Coverage Issues Manual
Supplies & Drugs


Table of Contents

45-1 L-DOPA
45-3 INSULIN SYRINGE
45-4 VITAMIN B12 INJECTIONS TO STRENGTHEN TENDONS, LIGAMENTS, ETC., OF THE FOOT--NOT COVERED
45-7 HYDROPHILIC CONTACT LENS FOR CORNEAL BANDAGE
45-10 LAETRILE AND RELATED SUBSTANCES
45-11 AUTOGENOUS EPIDURAL BLOOD GRAFT
45-12 PORCINE SKIN AND GRADIENT PRESSURE DRESSINGS
45-15 PHYSICIAN'S OFFICE WITHIN AN INSTITUTION--COVERAGE OF SERVICESAND SUPPLIES INCIDENT TO A PHYSICIAN'S SERVICES
45-16 CERTAIN DRUGS DISTRIBUTED BY THE NATIONAL CANCER INSTITUTE
45-17 TRANSFER FACTOR FOR TREATMENT OF MULTIPLE SCLEROSIS
45-18 GRANULOCYTE TRANSFUSIONS
45-19 TRANSCUTANEOUS ELECTRICAL NERVE STIMULATION (TENS) FOR ACUTE POST-OPERATIVE PAIN
45-20 ETHYLENEDIAMINE-TETRA-ACETIC (EDTA) CHELATION THERAPY FOR TREATMENT OF ATHEROSCLEROSIS
45-21 SCALP HYPOTHERMIA DURING CHEMOTHERAPY, TO PREVENT HAIR LOSS
45-22 LYMPHOCYTE IMMUNE GLOBULIN, ANTI-THYMOCYTE GLOBULIN (EQUINE
45-23 DIMETHYL SULFOXIDE (DMSO)
45-24 ANTI-INHIBITOR COAGULANT COMPLEX (AICC)
45-25 SUPPLIES USED IN THE DELIVERY OF TRANSCUTANEOUS ELECTRICAL NERVE STIMULATION (TENS) AND NEUROMUSCULAR ELECTRICAL STIMULATION (NMES)
45-26 PLATELET-DERIVED WOUND HEALING FORMULA--NOT COVERED
45-27 BLOOD TRANSFUSIONS
45-28 ANTIGENS PREPARED FOR SUBLINGUAL ADMINISTRATION

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Rev 54/ 11-91

45        SUPPLIES--DRUGS

45-1    L-DOPA

    A.    Part A Payment for L-Dopa and Associated Inpatient Hospital Services.--A hospital stay and related ancillary services for the administration of L-Dopa are covered if medically required for this purpose. Whether a drug represents an allowable inpatient hospital cost during such stay depends on whether it meets the definition of a drug in 1861(t) of the Act; i.e., on its inclusion in the compendia named in the Act or approval by the hospital's pharmacy and drug therapeutics (P&DT) or equivalent committee. (Levodopa (L-Dopa) has been favorably evaluated for the treatment of Parkinsonism by A.M.A. Drug Evaluations, First Edition 1971, the replacement compendia for "New Drugs.")

Inpatient hospital services are frequently not required in many cases when L-Dopa therapy is initiated. Therefore, determine the medical need for inpatient hospital services on the basis of medical facts in the individual case. It is not necessary to hospitalize the typical, well-functioning, ambulatory Parkinsonian patient who has no concurrent disease at the start of L-Dopa treatment. It is reasonable to provide inpatient hospital services for Parkinsonian patients with concurrent diseases, particularly of the cardiovascular, gastrointestinal, and neuropsychiatric systems. Although many patients require hospitalization for a period of under 2 weeks, a 4-week period of inpatient care is not unreasonable.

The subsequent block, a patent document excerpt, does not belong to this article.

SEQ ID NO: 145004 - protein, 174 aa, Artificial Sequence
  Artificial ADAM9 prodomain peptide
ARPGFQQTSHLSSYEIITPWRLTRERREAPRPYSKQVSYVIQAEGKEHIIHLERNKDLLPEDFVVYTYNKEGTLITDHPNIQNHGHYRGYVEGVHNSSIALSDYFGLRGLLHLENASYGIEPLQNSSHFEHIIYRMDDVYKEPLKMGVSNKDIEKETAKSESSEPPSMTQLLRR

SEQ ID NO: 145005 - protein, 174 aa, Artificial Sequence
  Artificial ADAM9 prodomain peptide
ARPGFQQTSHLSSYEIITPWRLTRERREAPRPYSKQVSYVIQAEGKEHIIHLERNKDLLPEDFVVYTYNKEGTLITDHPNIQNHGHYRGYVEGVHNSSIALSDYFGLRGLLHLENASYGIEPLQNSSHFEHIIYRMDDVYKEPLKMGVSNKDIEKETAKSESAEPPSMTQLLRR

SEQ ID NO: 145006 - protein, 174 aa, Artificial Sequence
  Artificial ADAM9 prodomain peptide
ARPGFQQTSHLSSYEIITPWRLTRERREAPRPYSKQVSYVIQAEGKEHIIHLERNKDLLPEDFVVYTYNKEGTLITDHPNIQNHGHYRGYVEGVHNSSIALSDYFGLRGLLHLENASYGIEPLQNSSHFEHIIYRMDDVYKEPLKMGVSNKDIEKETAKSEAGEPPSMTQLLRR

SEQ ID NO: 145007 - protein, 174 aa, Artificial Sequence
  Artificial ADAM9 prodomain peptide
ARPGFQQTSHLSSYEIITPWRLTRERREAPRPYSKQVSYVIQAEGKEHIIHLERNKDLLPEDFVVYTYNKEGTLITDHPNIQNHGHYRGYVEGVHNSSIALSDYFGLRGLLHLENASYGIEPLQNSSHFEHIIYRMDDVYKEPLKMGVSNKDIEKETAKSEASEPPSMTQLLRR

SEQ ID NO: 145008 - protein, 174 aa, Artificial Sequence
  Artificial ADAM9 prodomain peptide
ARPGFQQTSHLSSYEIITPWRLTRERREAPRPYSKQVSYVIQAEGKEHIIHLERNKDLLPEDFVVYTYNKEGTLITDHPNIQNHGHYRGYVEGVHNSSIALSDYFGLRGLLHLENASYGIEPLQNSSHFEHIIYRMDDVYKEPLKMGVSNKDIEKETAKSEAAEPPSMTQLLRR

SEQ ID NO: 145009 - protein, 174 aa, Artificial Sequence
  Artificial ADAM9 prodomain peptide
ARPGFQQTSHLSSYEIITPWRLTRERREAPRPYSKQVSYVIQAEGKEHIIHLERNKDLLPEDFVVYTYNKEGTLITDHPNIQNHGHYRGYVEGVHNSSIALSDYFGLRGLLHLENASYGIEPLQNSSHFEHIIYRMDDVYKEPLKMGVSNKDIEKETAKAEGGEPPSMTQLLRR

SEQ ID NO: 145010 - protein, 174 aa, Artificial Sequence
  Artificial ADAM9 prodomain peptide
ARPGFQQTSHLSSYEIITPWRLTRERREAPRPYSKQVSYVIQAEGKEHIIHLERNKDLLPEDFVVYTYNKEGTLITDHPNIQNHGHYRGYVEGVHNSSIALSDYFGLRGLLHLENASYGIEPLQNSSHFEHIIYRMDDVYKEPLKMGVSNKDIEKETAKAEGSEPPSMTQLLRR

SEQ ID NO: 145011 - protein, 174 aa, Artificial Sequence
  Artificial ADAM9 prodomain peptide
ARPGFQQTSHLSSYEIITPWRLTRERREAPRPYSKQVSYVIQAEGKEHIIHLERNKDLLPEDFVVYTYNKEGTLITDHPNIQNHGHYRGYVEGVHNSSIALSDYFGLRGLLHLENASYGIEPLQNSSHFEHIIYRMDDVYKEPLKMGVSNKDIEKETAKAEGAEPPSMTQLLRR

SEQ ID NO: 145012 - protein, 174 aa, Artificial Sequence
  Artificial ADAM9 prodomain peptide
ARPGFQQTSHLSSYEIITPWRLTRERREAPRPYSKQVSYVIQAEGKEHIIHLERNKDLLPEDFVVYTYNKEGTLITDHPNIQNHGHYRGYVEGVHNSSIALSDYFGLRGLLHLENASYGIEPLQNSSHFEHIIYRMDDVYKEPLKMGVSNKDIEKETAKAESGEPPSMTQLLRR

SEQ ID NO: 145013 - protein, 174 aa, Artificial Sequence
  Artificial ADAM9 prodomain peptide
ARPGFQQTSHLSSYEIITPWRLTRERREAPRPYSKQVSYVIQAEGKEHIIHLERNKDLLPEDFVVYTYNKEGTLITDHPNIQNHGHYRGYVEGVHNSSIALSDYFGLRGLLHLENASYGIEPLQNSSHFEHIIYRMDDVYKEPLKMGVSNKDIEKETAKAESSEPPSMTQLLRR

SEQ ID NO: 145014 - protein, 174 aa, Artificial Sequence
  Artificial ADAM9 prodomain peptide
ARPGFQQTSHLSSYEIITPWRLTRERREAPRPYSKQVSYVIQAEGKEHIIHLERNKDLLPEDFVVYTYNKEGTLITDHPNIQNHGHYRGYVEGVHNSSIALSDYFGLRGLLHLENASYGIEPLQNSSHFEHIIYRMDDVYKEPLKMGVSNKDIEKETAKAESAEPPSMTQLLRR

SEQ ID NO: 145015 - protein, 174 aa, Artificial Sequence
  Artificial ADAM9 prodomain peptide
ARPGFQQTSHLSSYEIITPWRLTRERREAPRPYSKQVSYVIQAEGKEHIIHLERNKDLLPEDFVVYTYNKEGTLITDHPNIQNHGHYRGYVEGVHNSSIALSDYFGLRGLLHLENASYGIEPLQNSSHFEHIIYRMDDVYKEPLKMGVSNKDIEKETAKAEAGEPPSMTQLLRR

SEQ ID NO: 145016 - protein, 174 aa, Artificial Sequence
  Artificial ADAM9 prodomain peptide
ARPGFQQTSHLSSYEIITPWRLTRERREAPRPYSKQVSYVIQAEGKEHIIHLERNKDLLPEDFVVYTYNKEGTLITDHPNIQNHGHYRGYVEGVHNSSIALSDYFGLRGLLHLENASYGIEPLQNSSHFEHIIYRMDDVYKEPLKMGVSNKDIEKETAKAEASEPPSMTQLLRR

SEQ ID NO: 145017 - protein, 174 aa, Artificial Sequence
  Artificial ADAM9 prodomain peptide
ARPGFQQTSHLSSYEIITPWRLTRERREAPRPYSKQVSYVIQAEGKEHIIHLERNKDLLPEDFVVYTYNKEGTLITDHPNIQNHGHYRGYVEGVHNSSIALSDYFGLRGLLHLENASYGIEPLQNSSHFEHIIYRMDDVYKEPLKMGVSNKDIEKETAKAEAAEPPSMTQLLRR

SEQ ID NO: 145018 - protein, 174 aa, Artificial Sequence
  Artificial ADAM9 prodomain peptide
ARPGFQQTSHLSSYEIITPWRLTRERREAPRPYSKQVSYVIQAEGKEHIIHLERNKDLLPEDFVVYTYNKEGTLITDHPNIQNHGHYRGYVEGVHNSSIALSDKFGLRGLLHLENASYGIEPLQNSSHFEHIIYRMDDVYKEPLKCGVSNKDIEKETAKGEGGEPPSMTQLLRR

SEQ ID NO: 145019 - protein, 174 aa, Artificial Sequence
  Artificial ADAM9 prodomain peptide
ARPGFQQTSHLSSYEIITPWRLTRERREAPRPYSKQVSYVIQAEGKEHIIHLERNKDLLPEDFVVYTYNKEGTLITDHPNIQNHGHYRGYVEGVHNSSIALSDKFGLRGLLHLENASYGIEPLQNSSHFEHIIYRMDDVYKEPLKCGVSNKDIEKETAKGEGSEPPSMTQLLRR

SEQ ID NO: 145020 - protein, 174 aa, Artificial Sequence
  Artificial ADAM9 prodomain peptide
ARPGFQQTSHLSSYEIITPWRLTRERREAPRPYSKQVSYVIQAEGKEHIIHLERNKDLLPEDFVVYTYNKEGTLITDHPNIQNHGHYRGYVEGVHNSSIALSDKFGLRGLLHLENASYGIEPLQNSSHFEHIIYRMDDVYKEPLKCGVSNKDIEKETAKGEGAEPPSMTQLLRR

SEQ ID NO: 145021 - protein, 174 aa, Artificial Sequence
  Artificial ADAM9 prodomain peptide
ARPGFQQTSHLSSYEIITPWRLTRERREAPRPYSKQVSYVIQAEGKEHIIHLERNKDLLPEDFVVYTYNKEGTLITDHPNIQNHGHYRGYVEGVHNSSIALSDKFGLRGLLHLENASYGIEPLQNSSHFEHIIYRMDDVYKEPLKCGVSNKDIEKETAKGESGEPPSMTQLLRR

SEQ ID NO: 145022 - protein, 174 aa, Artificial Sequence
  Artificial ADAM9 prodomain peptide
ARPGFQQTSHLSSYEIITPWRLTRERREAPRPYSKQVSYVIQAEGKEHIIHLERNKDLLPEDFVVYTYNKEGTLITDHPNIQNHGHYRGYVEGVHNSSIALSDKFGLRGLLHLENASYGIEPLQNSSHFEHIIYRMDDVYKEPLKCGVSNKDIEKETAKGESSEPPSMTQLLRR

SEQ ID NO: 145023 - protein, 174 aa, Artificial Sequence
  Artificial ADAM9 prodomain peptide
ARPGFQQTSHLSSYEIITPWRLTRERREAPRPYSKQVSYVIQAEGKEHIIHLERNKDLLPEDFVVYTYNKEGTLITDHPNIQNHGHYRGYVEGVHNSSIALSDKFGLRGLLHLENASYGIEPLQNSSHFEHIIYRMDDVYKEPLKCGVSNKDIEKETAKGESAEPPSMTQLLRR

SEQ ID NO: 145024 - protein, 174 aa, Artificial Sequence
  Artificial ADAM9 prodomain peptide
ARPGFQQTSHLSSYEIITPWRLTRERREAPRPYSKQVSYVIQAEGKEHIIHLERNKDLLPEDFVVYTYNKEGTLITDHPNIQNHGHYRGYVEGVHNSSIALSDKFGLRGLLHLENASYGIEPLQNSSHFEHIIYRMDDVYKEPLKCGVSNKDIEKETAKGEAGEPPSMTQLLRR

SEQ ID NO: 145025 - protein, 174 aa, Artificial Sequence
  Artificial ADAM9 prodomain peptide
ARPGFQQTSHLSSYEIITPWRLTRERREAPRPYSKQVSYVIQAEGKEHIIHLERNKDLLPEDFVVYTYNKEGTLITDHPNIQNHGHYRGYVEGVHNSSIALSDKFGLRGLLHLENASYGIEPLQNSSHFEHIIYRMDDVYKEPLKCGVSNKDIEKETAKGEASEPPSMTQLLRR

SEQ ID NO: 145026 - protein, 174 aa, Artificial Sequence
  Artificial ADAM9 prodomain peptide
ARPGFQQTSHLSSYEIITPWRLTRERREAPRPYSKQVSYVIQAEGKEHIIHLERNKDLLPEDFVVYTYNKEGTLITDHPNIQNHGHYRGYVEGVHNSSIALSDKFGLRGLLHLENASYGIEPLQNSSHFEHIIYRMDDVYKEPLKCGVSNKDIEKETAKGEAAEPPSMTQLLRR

Laboratory tests in connection with the administration of L-Dopa.--The tests medically warranted in connection with the achievement of optimal dosage and the control of the side effects of L-Dopa include a complete blood count, liver function tests such as SGOT, SGPT, and/or alkaline phosphatase, BUN or creatinine and urinalysis, blood sugar, and electrocardiogram.

Whether or not the patient is hospitalized, laboratory tests in certain cases are reasonable at weekly intervals although some physicians prefer to perform the tests much less frequently.

Physical therapy furnished in connection with administration of L-Dopa.--Where, following administration of the drug, the patient experiences a reduction of rigidity which permits the reestablishment of a restorative goal for him/her, physical therapy services required to enable him/her to achieve this goal are payable provided they require the skills of a qualified physical therapist and are furnished by or under the supervision of such a therapist. However, once the individual's restoration potential has been achieved, the services required to maintain him/her at this level do not generally require the skills of a qualified physical therapist. In such situations, the role of the therapist is to evaluate the patient's needs in consultation with his/her physician and design a program of exercise appropriate to the capacity and tolerance of the patient and treatment objectives of the physician, leaving to others the actual carrying out of the program. While the evaluative services rendered by a qualified physical therapist are payable as physical therapy, services furnished by others in connection with the carrying out of the maintenance program established by the therapist are not.


Rev 73/ 12-94

See Intermediary Manual, 3101.3 and Carriers Manual, 2050.5.

    B.    Part A Reimbursement for L-Dopa Therapy in SNFs.--Initiation of L-Dopa therapy can be appropriately carried out in the SNF setting, applying the same guidelines used for initiation of L- Dopa therapy in the hospital, including the types of patients who should be covered for inpatient services, the role of physical therapy, and the use of laboratory tests. (See subsection A.)